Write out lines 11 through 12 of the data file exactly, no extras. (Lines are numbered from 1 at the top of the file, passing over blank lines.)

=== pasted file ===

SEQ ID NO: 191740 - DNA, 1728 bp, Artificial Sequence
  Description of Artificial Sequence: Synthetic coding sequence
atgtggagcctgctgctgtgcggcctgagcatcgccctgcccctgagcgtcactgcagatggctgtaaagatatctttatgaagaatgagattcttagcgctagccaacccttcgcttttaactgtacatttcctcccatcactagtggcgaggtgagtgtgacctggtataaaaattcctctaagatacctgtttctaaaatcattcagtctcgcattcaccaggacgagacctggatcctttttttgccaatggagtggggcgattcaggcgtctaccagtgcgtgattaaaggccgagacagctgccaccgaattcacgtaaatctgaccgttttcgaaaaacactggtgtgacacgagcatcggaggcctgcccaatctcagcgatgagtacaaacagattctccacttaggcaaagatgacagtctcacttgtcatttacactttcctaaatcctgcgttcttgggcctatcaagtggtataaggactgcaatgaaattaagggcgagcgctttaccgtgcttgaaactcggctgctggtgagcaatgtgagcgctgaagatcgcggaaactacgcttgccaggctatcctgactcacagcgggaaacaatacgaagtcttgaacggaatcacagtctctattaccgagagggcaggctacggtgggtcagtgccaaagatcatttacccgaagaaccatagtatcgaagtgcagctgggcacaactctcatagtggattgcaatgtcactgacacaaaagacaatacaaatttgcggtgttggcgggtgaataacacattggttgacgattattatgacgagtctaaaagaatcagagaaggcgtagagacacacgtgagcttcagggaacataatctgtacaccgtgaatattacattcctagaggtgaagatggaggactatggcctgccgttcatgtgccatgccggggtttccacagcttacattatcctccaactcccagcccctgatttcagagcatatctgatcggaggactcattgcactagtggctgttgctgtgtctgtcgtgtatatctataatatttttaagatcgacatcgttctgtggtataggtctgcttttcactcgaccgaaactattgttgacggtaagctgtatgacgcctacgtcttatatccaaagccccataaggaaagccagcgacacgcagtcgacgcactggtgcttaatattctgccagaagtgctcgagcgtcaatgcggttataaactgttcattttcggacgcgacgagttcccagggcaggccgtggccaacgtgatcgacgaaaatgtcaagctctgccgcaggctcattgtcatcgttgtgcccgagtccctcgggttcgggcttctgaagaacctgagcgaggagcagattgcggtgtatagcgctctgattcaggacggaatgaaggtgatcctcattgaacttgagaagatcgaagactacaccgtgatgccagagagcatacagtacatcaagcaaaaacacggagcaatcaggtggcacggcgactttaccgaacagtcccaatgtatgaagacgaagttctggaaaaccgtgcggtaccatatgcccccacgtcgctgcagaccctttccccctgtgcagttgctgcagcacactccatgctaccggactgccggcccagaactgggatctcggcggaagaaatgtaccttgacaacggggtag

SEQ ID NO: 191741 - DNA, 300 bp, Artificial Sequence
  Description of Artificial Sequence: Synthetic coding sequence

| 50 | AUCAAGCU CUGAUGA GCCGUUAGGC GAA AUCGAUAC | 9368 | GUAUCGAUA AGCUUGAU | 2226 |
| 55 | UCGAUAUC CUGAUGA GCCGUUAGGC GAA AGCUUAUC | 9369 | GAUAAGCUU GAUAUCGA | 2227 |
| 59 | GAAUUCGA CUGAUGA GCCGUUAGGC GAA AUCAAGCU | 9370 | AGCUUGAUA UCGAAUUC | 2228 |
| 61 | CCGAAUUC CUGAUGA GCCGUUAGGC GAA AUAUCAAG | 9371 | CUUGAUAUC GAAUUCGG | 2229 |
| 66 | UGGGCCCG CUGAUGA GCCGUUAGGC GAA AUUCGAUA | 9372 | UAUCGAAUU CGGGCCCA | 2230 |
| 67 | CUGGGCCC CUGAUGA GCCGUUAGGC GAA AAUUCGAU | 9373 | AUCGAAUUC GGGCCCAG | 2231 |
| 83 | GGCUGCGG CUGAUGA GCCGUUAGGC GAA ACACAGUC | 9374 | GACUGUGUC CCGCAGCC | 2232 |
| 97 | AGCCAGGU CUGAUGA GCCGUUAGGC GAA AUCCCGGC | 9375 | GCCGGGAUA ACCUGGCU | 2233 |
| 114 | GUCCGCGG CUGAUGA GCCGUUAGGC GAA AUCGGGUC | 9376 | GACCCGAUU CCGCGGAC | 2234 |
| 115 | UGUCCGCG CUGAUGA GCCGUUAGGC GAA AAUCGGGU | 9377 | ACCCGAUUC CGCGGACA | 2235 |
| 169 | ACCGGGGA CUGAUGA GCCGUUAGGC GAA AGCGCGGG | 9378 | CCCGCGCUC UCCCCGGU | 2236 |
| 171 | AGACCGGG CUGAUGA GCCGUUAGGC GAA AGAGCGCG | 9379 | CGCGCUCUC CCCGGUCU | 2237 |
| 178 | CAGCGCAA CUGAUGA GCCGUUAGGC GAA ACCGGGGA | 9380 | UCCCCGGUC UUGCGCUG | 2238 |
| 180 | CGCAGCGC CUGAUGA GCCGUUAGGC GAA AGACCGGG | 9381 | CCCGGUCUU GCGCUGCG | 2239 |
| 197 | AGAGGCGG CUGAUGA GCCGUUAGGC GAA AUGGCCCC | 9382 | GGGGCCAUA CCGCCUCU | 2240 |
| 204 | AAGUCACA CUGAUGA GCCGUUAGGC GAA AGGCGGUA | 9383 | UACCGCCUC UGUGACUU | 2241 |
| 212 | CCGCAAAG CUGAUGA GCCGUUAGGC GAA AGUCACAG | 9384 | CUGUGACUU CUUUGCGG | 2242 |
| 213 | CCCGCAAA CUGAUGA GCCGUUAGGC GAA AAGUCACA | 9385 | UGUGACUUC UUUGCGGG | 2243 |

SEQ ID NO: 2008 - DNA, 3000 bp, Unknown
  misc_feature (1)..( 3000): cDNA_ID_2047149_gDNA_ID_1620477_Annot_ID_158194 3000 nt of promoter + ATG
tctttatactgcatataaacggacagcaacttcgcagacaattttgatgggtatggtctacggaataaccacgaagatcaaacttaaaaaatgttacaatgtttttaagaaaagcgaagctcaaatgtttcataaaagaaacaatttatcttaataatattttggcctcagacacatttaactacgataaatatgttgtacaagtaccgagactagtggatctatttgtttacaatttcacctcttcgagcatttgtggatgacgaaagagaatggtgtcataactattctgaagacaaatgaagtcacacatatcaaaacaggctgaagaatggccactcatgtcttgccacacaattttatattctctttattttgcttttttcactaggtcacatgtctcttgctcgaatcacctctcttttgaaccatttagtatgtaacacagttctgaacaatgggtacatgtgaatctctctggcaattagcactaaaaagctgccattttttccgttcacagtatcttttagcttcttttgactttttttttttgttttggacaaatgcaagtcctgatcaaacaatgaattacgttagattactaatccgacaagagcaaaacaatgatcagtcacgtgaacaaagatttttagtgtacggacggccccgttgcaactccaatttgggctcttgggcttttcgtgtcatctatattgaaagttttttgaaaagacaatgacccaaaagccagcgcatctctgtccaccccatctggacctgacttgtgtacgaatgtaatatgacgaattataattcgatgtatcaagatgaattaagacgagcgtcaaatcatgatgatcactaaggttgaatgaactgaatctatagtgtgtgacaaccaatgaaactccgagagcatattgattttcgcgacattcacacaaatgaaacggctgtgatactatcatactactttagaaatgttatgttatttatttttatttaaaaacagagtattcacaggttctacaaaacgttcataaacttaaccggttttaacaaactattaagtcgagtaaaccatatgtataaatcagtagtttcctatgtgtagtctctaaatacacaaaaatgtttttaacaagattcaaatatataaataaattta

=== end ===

| 67 | CUGGGCCC CUGAUGA GCCGUUAGGC GAA AAUUCGAU | 9373 | AUCGAAUUC GGGCCCAG | 2231 |
| 83 | GGCUGCGG CUGAUGA GCCGUUAGGC GAA ACACAGUC | 9374 | GACUGUGUC CCGCAGCC | 2232 |